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For works with similar titles, see Black and White.

Black and White

I MET a man along the road
To Withernsea;
Was ever anything so dark, so pale
As he?
His hat, his clothes, his tie, his boots
Were black as black
Could be,
And midst of all was a cold white face,
And eyes that looked wearily.

The road was bleak and straight and flat
To Withernsea,
Gaunt poles with shrilling wires their weird
Did dree;
On the sky stood out, on the swollen sky
The black blood veins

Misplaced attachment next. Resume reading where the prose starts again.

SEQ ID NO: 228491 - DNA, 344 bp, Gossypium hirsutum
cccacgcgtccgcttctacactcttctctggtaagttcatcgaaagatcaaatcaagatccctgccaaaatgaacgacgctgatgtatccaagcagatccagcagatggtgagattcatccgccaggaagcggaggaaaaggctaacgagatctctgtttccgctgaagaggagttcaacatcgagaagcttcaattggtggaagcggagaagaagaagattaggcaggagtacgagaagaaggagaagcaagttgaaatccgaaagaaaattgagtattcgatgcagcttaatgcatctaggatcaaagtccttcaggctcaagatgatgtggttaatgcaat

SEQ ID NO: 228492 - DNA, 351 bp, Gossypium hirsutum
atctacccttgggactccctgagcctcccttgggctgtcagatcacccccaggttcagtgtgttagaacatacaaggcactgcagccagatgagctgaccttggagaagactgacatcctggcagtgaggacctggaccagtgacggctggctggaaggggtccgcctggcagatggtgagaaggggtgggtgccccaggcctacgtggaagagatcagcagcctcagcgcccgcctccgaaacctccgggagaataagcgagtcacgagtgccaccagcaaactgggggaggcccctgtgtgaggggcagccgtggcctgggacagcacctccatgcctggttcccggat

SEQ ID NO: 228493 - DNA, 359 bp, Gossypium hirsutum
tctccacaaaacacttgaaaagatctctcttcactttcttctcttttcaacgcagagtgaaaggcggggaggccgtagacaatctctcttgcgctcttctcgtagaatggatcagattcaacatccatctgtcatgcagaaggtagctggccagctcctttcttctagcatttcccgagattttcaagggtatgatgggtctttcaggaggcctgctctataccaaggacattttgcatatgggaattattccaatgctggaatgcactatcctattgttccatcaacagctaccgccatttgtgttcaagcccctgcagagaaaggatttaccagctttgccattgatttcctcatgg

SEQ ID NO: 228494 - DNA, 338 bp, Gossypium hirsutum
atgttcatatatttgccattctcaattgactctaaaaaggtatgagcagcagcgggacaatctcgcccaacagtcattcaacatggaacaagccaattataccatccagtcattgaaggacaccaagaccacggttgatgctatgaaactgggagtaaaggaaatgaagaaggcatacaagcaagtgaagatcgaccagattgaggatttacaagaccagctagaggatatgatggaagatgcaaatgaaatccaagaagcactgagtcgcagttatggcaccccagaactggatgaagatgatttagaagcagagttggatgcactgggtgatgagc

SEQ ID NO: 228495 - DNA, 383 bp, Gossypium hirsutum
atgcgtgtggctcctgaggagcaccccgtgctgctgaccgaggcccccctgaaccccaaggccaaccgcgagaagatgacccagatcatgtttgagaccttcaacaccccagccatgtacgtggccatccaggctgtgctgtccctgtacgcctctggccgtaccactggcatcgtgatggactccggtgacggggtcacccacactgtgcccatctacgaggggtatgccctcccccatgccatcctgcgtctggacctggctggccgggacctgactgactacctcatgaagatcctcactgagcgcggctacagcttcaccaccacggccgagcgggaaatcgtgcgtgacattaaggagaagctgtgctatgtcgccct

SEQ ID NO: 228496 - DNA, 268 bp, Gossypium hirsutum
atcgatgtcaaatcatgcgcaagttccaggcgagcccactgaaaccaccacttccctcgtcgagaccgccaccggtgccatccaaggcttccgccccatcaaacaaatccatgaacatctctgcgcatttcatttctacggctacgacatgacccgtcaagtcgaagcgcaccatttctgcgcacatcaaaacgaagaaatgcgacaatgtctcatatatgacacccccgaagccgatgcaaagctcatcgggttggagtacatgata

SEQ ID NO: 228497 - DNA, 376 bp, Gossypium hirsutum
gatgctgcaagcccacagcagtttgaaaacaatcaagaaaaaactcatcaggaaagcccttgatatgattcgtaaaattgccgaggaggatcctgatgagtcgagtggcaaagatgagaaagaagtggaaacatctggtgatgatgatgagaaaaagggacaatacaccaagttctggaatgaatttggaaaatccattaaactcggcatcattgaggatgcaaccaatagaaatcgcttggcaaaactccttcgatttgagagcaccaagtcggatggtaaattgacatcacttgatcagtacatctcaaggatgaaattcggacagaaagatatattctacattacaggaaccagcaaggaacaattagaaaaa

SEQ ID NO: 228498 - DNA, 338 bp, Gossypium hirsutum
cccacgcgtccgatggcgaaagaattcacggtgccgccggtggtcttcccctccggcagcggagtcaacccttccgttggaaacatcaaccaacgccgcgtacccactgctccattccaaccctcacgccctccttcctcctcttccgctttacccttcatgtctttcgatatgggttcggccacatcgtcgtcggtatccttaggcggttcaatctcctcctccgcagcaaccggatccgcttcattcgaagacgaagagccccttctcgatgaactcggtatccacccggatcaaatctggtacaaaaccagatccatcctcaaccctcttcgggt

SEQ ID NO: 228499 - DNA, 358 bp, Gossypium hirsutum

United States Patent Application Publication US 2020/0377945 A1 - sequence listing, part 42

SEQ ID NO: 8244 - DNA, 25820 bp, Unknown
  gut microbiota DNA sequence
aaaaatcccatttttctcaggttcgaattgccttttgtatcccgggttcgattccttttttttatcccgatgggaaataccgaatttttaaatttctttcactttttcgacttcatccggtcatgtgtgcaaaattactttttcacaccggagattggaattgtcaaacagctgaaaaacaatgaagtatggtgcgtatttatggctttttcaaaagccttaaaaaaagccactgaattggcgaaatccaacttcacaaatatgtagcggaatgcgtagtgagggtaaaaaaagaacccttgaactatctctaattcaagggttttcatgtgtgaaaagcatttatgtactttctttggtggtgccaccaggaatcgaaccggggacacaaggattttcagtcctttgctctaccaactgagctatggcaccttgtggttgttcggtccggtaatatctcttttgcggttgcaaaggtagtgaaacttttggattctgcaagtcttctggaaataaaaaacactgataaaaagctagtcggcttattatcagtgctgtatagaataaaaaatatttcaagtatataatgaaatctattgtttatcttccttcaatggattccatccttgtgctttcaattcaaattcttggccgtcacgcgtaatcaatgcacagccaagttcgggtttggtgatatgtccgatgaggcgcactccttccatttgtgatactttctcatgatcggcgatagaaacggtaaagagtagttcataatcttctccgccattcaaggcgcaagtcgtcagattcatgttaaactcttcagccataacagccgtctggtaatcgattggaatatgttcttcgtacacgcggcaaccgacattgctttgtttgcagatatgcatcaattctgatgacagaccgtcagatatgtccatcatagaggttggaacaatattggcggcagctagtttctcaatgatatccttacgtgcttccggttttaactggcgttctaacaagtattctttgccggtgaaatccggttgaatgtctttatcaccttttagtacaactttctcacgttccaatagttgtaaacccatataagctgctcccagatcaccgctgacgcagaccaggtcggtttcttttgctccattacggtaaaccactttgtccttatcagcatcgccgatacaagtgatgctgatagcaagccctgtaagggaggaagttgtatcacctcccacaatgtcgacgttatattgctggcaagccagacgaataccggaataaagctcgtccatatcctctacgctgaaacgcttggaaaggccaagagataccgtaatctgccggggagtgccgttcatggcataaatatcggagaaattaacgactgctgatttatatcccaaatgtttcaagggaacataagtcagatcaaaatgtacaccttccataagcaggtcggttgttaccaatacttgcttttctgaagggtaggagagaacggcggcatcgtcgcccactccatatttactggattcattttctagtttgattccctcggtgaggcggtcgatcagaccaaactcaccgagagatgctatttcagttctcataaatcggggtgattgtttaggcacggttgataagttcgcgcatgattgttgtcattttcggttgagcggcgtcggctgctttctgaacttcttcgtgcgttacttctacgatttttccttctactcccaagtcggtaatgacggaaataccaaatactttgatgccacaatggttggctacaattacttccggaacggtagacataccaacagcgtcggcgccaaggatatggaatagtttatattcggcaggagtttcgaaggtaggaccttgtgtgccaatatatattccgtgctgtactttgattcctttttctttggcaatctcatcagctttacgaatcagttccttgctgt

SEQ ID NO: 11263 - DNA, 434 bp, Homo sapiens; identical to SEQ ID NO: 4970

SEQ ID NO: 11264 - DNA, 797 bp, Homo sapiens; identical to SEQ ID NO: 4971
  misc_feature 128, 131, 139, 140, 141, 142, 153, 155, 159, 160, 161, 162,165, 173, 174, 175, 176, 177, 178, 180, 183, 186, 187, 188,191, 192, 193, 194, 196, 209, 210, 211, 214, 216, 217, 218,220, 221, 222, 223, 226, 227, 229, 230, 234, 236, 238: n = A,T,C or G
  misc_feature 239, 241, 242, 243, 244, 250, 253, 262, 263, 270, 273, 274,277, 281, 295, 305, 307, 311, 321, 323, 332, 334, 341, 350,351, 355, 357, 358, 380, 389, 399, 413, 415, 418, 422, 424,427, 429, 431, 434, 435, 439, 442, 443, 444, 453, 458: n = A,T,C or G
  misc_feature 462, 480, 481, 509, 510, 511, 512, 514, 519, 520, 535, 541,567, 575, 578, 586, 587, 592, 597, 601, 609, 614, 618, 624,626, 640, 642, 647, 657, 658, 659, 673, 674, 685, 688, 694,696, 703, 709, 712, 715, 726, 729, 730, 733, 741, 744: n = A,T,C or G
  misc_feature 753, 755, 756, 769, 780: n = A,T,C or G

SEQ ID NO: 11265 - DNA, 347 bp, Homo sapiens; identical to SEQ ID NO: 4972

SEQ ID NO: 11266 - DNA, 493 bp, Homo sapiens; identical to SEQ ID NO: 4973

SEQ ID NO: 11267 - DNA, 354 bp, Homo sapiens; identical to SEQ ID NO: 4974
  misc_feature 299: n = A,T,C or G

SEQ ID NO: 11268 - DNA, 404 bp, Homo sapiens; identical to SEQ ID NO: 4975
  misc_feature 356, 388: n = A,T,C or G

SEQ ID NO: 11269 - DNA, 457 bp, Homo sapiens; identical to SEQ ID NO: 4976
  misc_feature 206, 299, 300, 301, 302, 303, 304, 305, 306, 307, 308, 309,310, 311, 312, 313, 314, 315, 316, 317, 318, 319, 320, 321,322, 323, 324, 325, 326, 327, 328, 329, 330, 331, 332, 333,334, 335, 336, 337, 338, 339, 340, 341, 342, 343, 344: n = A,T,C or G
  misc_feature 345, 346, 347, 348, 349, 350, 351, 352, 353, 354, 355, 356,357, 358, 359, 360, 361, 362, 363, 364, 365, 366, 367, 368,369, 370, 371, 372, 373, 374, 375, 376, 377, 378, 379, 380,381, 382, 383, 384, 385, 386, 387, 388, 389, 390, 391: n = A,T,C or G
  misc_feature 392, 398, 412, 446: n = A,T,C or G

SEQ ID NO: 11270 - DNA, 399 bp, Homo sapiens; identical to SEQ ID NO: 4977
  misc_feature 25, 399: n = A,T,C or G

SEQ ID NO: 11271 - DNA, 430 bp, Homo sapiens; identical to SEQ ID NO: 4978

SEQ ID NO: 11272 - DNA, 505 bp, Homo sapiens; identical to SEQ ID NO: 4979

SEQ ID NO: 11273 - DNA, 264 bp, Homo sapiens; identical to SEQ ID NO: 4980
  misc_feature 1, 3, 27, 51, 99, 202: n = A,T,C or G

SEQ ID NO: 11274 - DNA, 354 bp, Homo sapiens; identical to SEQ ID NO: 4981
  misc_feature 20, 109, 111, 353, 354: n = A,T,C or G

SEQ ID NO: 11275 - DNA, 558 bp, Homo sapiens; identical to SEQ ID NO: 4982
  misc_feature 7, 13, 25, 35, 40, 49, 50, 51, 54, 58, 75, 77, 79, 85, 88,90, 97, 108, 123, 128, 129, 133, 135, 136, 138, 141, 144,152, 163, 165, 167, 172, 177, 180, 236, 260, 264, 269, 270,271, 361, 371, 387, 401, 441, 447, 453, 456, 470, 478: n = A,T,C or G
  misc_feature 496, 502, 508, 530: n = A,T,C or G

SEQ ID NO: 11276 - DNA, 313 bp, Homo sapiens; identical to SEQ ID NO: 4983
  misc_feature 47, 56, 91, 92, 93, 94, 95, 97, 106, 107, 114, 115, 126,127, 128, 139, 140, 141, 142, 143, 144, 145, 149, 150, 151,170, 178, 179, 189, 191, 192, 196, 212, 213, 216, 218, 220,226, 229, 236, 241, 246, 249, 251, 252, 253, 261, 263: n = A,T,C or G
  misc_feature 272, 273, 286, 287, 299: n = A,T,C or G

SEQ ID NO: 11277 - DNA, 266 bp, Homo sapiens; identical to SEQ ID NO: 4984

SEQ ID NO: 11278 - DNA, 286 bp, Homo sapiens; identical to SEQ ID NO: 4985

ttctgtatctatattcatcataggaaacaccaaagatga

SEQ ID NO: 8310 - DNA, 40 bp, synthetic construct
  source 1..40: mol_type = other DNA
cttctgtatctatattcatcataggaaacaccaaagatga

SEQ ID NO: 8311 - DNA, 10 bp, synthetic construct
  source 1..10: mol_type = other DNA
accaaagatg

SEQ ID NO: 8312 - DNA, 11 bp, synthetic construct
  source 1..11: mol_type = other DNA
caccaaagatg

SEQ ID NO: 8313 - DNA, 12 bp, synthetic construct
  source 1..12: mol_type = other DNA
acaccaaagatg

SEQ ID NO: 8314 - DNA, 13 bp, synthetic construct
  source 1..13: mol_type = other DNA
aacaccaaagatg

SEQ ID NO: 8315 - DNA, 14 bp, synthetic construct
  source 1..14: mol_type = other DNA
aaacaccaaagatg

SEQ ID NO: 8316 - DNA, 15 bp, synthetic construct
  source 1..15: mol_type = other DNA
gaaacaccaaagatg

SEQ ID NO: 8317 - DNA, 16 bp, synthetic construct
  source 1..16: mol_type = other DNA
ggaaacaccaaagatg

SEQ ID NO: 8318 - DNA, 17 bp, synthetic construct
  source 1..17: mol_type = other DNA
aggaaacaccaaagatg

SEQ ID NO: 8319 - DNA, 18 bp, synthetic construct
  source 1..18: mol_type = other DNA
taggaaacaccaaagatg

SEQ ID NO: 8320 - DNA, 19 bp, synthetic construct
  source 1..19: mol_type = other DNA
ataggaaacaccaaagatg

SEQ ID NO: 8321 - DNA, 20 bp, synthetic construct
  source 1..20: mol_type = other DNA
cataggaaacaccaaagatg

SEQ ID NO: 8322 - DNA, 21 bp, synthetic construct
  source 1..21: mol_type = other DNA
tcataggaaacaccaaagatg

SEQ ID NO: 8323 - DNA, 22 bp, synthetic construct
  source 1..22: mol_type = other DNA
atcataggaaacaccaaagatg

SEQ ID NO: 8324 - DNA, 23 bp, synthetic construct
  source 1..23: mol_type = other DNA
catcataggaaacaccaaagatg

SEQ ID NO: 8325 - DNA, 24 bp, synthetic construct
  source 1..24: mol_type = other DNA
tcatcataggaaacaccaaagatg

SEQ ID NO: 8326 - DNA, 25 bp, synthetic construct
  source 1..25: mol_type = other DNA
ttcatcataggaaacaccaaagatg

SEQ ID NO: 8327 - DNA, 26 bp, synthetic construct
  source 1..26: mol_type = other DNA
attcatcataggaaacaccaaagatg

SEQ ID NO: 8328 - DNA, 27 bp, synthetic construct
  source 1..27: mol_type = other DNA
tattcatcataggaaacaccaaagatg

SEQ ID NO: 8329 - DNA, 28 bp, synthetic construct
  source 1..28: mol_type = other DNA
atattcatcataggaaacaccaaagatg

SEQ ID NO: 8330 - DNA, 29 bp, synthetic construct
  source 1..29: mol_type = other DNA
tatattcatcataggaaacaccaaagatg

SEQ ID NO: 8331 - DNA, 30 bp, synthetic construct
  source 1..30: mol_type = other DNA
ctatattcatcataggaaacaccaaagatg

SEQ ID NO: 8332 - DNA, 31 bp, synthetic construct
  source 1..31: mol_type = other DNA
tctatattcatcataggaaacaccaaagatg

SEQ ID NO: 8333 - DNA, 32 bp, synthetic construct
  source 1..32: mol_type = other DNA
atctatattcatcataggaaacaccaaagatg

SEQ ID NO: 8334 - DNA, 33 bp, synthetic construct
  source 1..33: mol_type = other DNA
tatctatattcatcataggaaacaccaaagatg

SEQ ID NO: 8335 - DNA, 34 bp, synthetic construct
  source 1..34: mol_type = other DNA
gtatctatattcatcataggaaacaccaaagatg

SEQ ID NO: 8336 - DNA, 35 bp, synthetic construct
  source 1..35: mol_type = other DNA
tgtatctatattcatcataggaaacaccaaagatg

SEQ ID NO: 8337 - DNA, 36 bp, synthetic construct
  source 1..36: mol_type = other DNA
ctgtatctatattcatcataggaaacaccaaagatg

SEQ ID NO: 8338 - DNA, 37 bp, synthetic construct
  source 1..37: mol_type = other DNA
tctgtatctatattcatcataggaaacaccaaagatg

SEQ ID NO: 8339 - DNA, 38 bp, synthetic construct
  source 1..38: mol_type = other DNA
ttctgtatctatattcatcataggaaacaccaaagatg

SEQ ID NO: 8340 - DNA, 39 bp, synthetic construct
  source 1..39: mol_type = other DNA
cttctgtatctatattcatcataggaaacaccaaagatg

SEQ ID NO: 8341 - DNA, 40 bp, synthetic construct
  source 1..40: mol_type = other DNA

Of tree
After tree, as they beat from the face
Of the wind which they could not flee.

And in the fields along the road

To Withernsea,

Swart crows sat huddled on the ground
While overhead the seamews wheeled, and skirled
In glee;
But the black cows stood, and cropped where they stood,
And never heeded thee,
O dark pale man, with the weary eyes,
On the road to Withernsea.